The solar industry is taking a shine to sponsorship.

Fueled by growing acceptance of nontraditional energy, solar companies are increasingly using sponsorship to build visibility, educate consumers and gain business from commercial and residential accounts.

Recent deals range from five-and-six-figure ties with music festivals to multi-million dollar partnerships with pro sports teams.

NRG Energy, Inc. is one of the category’s most active sponsors. The company this year signed two partnerships in pro sports and music: the NBA Miami Heat and the Coachella Valley Music and Arts Festival (see sidebar).

NRG also sponsors a handful of NFL teams including the Dallas Cowboys; Houston Texans; Philadelphia Eagles; San Francisco 49ers; Washington Redskins; the New York Giants and the New York Jets.

And other companies are joining NRG in signing new deals.

DC Solar Solutions this year will sponsor a Chip Ganassi Racing car at 15 NASCAR Xfinity Series races, while SPI Solar in March announced a new partnership with the NBA Sacramento Kings.

In soccer, PetersenDean in 2014 announced a multi-year, multi-million dollar deal to become the official solar and roofing partner of the MLS San Jose Earthquakes and a founding partner of Avaya Stadium.

The deals are fueled in part by the growing acceptance of solar as an energy source. The number of solar installations in the U.S. grew 41 percent from Q3 2013 to Q3 2014, the second-largest quarter ever for solar installations, according to the Solar Energy Industries Assn.

Solar energy companies use sponsorship to accomplish the following:

  • Build awareness
  • Drive demand
  • Gain business from sponsored properties
  • Showcase expertise in action
  • Generate sales leads

Yingli Green Energy is one of the industry’s largest sponsors at the global level. The company sponsored the 2010 FIFA World Cup in South Africa, 2014 FIFA World Cup in Brazil and is negotiating a deal with the 2018 FIFA World Cup in Russia. Yingli also sponsors Germany’s FC Bayern Munich.

Yingli uses sponsorship to promote solar on the global stage.

“We partnered with FIFA because we wanted to raise awareness of solar energy and promote sustainability to millions of people around the world that might not otherwise be exposed to solar energy,” said Judy Tzeng Lee, Yingli vice president of global marketing.

Yingli activates sponsorship to demonstrate solar’s affordability and accessibility. The company leveraged the 2014 FIFA World Cup with in-stadium charging stations, solar-powered information towers, ticket giveaways and other activities under the “All Under One Sun” marketing campaign.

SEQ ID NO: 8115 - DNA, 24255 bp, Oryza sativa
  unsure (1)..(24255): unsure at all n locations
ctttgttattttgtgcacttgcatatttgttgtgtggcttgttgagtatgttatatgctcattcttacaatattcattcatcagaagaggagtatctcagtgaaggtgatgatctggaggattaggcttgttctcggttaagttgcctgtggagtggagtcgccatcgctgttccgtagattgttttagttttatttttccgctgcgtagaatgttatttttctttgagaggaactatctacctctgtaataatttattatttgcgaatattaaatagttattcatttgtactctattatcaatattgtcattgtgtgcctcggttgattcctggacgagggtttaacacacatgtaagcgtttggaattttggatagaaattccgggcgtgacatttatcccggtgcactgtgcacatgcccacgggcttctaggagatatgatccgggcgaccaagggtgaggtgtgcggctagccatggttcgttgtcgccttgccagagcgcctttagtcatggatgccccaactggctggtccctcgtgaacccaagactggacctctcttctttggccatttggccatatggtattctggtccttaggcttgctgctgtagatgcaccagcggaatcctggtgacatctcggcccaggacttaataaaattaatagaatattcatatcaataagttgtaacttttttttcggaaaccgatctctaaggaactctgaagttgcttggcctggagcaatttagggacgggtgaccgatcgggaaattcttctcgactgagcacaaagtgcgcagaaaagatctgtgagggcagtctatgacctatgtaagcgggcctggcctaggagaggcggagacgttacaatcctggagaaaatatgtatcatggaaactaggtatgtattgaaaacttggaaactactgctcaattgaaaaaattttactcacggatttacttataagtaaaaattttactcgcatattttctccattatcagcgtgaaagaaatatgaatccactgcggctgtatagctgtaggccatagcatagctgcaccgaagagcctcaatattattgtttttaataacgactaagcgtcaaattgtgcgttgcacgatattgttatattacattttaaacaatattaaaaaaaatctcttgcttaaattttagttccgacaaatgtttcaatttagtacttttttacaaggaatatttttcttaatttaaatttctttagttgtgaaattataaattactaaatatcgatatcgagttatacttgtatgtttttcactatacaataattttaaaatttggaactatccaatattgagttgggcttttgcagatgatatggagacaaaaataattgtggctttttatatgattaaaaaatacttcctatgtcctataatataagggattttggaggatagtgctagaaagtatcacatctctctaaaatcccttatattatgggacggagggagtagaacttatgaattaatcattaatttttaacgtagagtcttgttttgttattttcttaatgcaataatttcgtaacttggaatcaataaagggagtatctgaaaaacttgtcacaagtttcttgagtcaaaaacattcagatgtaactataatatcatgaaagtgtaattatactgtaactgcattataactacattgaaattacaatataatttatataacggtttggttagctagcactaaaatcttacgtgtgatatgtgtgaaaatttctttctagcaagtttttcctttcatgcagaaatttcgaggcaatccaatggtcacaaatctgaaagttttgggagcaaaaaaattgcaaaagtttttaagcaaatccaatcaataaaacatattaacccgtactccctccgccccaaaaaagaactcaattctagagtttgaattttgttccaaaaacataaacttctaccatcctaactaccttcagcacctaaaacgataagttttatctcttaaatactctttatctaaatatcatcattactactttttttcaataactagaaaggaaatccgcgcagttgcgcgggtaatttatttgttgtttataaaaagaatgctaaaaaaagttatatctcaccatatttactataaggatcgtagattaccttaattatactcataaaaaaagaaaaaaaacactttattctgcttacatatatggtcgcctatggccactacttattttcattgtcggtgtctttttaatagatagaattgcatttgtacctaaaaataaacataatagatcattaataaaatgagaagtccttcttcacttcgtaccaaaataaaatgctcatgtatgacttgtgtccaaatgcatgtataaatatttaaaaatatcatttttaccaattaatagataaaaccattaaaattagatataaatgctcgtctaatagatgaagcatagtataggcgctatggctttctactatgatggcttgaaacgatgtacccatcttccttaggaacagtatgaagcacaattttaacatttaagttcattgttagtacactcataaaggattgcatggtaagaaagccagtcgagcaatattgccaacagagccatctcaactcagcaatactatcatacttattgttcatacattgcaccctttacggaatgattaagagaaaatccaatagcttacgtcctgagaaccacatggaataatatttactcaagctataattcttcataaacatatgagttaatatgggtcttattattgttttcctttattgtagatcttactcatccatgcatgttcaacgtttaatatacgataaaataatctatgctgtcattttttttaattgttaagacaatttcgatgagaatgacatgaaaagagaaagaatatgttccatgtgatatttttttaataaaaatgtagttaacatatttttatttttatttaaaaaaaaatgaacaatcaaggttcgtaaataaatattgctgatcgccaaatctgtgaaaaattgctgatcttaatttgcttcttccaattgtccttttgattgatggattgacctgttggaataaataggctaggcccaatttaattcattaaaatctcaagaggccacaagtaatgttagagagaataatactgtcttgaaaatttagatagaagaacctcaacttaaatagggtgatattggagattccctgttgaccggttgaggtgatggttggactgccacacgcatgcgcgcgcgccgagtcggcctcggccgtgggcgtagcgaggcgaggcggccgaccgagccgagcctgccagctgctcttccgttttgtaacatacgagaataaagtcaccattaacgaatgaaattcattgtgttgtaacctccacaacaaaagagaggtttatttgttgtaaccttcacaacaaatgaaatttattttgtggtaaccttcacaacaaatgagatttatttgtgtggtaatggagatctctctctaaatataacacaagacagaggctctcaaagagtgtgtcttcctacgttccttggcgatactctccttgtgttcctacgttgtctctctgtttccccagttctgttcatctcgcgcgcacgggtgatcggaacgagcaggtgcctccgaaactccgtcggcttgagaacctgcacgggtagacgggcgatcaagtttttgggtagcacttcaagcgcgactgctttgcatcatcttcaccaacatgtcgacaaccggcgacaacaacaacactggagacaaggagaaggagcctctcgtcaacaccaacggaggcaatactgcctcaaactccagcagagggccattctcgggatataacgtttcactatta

“Our sponsorships have yielded significant return in terms of brand awareness and name recognition that have provided invaluable, especially when entering emerging markets.”

The Future Is Now: Green Sports Venues
Solar companies are playing an increasing important role in helping pro sports teams create sustainable energy solutions.

The San Francisco 49ers identified solar as one of several go-to categories prior to the construction of Levi’s Stadium in Santa Clara, Calif. The goal: create a gold LEED certified stadium that will serve as a model for sustainability.

“We wanted to reshape how stadiums are built moving forward,” said Ethan Casson, the San Francisco 49ers’ chief revenue officer. 

To accomplish that task, the team worked with NRG to install 1,162 solar panels throughout Levi’s Stadium. The installation includes three solar canopy bridges (NRG Energy Bridges) and a green roof terrace (NRG Solar Terrace).

The panels generate enough power to offset the venue’s energy needs on game days, said Casson.  

SunPower—another team sponsor—provided panels for the installations.   

Most pro sports teams sign two contracts with solar companies: one for business solutions (power purchase agreements), and a separate contract for marketing rights.

Similar to how IBM and other technology companies use sponsorship, solar companies leverage partnerships to demonstrate how their expertise help properties reduce energy consumption—and how they can help prospects do the same.

Navigating Exclusivity In The Solar Category
One major challenge in working with solar: category exclusivity.

In the not-too-distant past solar was largely comprised of three sectors: manufacturers (Jinko Solar, Hanwha, Yingli, etc.), installers (Sungevity, SolarCity, etc.) and utilities.

Many of those companies are rolling out products and services that place them in direct competition with other sectors of the industry. Case in point: NRG has expanded into residential solar installations, a move that places the company in competition with SunPower, which plays in the same space.

“Some companies make and install solar panels, which is where it gets tricky,” said Jason Pearl, managing vice president of business development with the MLB San Francisco Giants.

The Giants have worked with Sharp Electronics, Hanwha and Pacific Gas and Electric Co. since installing solar in AT&T Park in 2007.Hanwha, which replaced Sharp in 2010, serves as the team’s exclusive and official solar partner, while PG&E serves as the Giants’ lead sustainability partner.

In some cases utilities own the solar category. The MLB Arizona Diamondbacks in 2011 teamed with Arizona Public Service to create the APS Solar Pavilion at Chase Field.

“As energy as evolved, their exclusivity has evolved,” said Cullen Maxey, the Diamondbacks’ executive vice president of business operations.

The APS Solar Pavilion generates enough energy to power the lights at 11 home games each season and helps enhance the fan experience by providing shade while consumers wait to enter Chase Field.